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David’s wife Marion was diagnosed with cancer in August 2022 and died just five months later, spending her last days at Cottage Hospice, with him by her side. Here, David shares his story and explains the value of counselling to those who have lost a loved one.
“You get this terrible surge of stuff needing to be done in the immediate aftermath of someone dying. There is just so much to sort out. You’re almost too busy to think, the most you can do is work out what’s most urgent and do that first,” says David. “It’s only afterwards you start the process of grieving. It certainly takes time.”
David’s wife Marion was cared for by the nurses and doctors at Hospice in the Weald from November 2022, after her cancer failed to respond to treatment, up until she died in January the following year. They lived together at their home in Tunbridge Wells, where David cared for his wife of 37 years, with help from the Hospice, before Marion eventually moved to Cottage Hospice.
“There are a lot of phrases people use, which I think aren’t helpful at all – ‘getting over it’ is one. You get over an illness and it’s not like that, you’re not ill. There’s nothing wrong with you physically – you’re suffering the most common of things that happen to us as humans. People close to us die. It happens to all of us. You’re definitely not ill so there’s nothing to get over.”
David found counselling a worthwhile and transitional process. I was offered counselling at the Hospice, which started a few weeks after Marion’s death,” he says. “It’s an interesting process; you start by thinking, I’m the one who is doing all the work here. This person has the easiest job in the world – they just have to sit there and listen to me!
“It seems pretty random at times but, over the weeks as it evolves, there is a structure to it. It’s unquantifiable as you don’t know how you would have been without it over that period, but I believe it helped me a lot in sorting out the nature of the process,” David continues.
“I feel I’ve now got a better idea what the process is that I’m going through. I’m starting to learn to live with the new state I find myself in.”
“I’ll never think about the future in the same way because I’ve realised how fundamentally uncertain it is. None of us know what’s around the corner. But it doesn’t mean you don’t think about the future and try to make sensible decisions, which hopefully mean it’ll be a bit better for you,” David says.
“That was the measurable change between the beginning of the counselling and the end – I was much more ready to think about the future. With any thought you have, there are two sides to it. If all the years together hadn’t been so good, you wouldn’t be so upset with it being cut short. I mean, to me, Marion was never an old woman – we had years ahead of us, we thought.
“It is like a coin; all the good memories and the things that are still good because Marion was there are on one side. On the other side you’ve got the pain and the grief and the loss. I am trying to get used to seeing both at the same time. Sometimes one side is a bit stronger than the other but tomorrow it’ll be the other way around, so it doesn’t matter.”
“Marion’s symptoms caused her a lot of pain and it made it difficult for her to eat. It wasn’t easy to manage. Marion was on about six or seven different medications a day. Just getting the list right, with the right things at the right time, wasn’t straightforward,” David says.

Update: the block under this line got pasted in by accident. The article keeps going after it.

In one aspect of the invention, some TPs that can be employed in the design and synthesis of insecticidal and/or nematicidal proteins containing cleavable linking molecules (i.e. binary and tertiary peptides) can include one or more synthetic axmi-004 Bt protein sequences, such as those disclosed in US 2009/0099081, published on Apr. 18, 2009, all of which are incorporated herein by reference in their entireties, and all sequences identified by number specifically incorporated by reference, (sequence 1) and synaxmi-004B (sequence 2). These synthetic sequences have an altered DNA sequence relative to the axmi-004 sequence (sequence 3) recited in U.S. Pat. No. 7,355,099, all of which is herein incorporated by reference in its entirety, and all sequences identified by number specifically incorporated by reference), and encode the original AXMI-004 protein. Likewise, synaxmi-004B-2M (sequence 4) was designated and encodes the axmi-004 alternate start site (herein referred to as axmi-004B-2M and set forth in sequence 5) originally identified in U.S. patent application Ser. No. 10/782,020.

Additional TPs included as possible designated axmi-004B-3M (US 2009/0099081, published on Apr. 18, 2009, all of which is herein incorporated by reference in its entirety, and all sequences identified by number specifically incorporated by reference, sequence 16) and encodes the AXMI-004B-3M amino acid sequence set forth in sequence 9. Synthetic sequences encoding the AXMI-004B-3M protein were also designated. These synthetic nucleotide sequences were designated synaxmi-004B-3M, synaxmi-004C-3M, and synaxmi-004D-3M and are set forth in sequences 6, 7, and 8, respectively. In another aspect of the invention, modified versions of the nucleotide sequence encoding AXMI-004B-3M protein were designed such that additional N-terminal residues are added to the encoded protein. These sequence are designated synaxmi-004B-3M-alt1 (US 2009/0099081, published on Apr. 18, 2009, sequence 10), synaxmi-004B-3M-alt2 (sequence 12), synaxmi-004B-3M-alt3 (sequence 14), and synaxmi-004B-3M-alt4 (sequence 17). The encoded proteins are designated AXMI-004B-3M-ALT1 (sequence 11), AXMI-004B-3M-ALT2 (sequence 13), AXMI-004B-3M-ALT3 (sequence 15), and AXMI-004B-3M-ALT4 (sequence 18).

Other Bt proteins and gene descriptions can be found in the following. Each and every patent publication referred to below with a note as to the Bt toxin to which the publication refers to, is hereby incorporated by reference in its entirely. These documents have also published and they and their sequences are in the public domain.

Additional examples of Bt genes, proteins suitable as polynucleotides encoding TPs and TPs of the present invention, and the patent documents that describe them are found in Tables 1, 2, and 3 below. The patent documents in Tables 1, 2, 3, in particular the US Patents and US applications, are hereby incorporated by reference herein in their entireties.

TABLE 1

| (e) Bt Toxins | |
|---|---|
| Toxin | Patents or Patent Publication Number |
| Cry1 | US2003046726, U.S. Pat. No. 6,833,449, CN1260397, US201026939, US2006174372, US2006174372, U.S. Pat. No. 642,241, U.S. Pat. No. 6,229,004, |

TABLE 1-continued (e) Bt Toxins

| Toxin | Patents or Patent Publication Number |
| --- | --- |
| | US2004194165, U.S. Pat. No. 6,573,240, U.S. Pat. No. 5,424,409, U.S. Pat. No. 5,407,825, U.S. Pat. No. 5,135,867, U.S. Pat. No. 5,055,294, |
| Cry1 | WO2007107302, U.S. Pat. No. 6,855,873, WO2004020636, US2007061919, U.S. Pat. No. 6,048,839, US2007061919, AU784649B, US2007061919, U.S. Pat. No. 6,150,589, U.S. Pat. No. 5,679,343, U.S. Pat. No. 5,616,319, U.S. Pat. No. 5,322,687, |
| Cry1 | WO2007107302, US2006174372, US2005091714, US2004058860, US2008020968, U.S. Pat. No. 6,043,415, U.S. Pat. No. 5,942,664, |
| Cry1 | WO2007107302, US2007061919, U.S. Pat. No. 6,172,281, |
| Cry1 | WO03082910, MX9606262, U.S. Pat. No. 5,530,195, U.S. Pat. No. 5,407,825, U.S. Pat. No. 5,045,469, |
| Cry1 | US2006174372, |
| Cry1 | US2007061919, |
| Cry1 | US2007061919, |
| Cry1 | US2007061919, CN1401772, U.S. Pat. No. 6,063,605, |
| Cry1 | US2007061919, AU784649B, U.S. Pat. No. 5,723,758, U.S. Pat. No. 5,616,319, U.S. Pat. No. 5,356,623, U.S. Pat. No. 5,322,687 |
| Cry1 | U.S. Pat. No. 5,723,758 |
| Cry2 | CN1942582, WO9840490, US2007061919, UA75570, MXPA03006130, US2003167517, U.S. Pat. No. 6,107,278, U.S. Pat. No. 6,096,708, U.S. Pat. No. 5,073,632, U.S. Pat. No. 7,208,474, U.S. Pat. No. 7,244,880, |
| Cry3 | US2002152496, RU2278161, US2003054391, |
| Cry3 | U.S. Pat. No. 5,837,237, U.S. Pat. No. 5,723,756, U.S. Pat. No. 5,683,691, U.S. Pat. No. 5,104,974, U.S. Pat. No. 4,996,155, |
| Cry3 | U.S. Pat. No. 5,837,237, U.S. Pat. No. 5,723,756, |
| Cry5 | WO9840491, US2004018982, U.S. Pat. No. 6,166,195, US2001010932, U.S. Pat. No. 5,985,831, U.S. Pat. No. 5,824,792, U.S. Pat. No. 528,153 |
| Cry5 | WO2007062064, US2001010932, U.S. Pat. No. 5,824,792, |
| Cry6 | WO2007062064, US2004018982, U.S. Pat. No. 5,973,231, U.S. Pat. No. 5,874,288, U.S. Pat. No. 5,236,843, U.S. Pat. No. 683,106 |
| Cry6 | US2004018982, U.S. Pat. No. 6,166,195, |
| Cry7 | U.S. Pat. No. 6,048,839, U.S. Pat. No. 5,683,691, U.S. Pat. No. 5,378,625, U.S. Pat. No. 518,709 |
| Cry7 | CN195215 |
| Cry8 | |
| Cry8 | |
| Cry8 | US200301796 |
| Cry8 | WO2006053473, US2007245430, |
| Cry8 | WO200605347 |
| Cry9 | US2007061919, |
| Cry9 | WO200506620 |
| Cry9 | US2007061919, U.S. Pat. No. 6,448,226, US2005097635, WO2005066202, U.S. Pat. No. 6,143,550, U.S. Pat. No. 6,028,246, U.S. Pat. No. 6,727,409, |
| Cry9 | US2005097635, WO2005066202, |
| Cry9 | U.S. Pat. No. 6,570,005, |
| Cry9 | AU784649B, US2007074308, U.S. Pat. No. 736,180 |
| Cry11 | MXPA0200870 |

“I really don’t know what it would have been like without the Hospice. The level of support and being able to do things at home just took away the stress of traveling to the hospital, waiting to be seen, and the uncertainty surrounding it. It was much more comfortable and much more dignified.
“For a while, even when the disease was quite progressed, it was okay to be at home knowing that we had the possibility of going to Cottage Hospice if that became necessary. Knowing that we had help on the phone. Knowing we had the occupational therapists and district nurses. It could be coped with for a bit.”
When 68-year-old Marion was first diagnosed with cancer, it came as a shock to her and David. Marion had always, until that point, been healthy and active. After feeling some unusual pains that took her to the doctor, in a very short time, it became clear she had a serious illness.
“You don’t expect people to die within a few months. What you do in the moment is focus on what you can do to make things as good as possible. So really, from August when she was diagnosed, very quickly I became Marion’s carer,” explains David.
“We were referred to the Hospice when we were told the chemotherapy wasn’t working. That’s when I discovered the first of many things I didn’t know about hospices at that point. Most of the patients aren’t in a hospice, they’re at home. As Marion was from then until early January.”
“Marion’s decision to go to Cottage Hospice was a very positive choice. We’d been to visit it and she reacted to the calm of the place. The person who showed us around was so nice and explained it all. There was no noise, nobody was rushing anywhere. That strikes you as soon as you set foot in the door,” David explains.
Marion spent the last nine days of her life at Cottage Hospice. David continues: “She could see that the level of need she had, it was beyond what I could do at home, even with help here and on the phone. And some things, you just don’t want your husband doing for you. Marion felt that very strongly.
“I have to say that the family care giver model is so important. The ability to continue caring is hugely beneficial, and I don’t know how things would have been if this wasn’t available. To look back and know I was able to care for Marion until the very end, both at home and at Cottage Hospice, means so much to me.”
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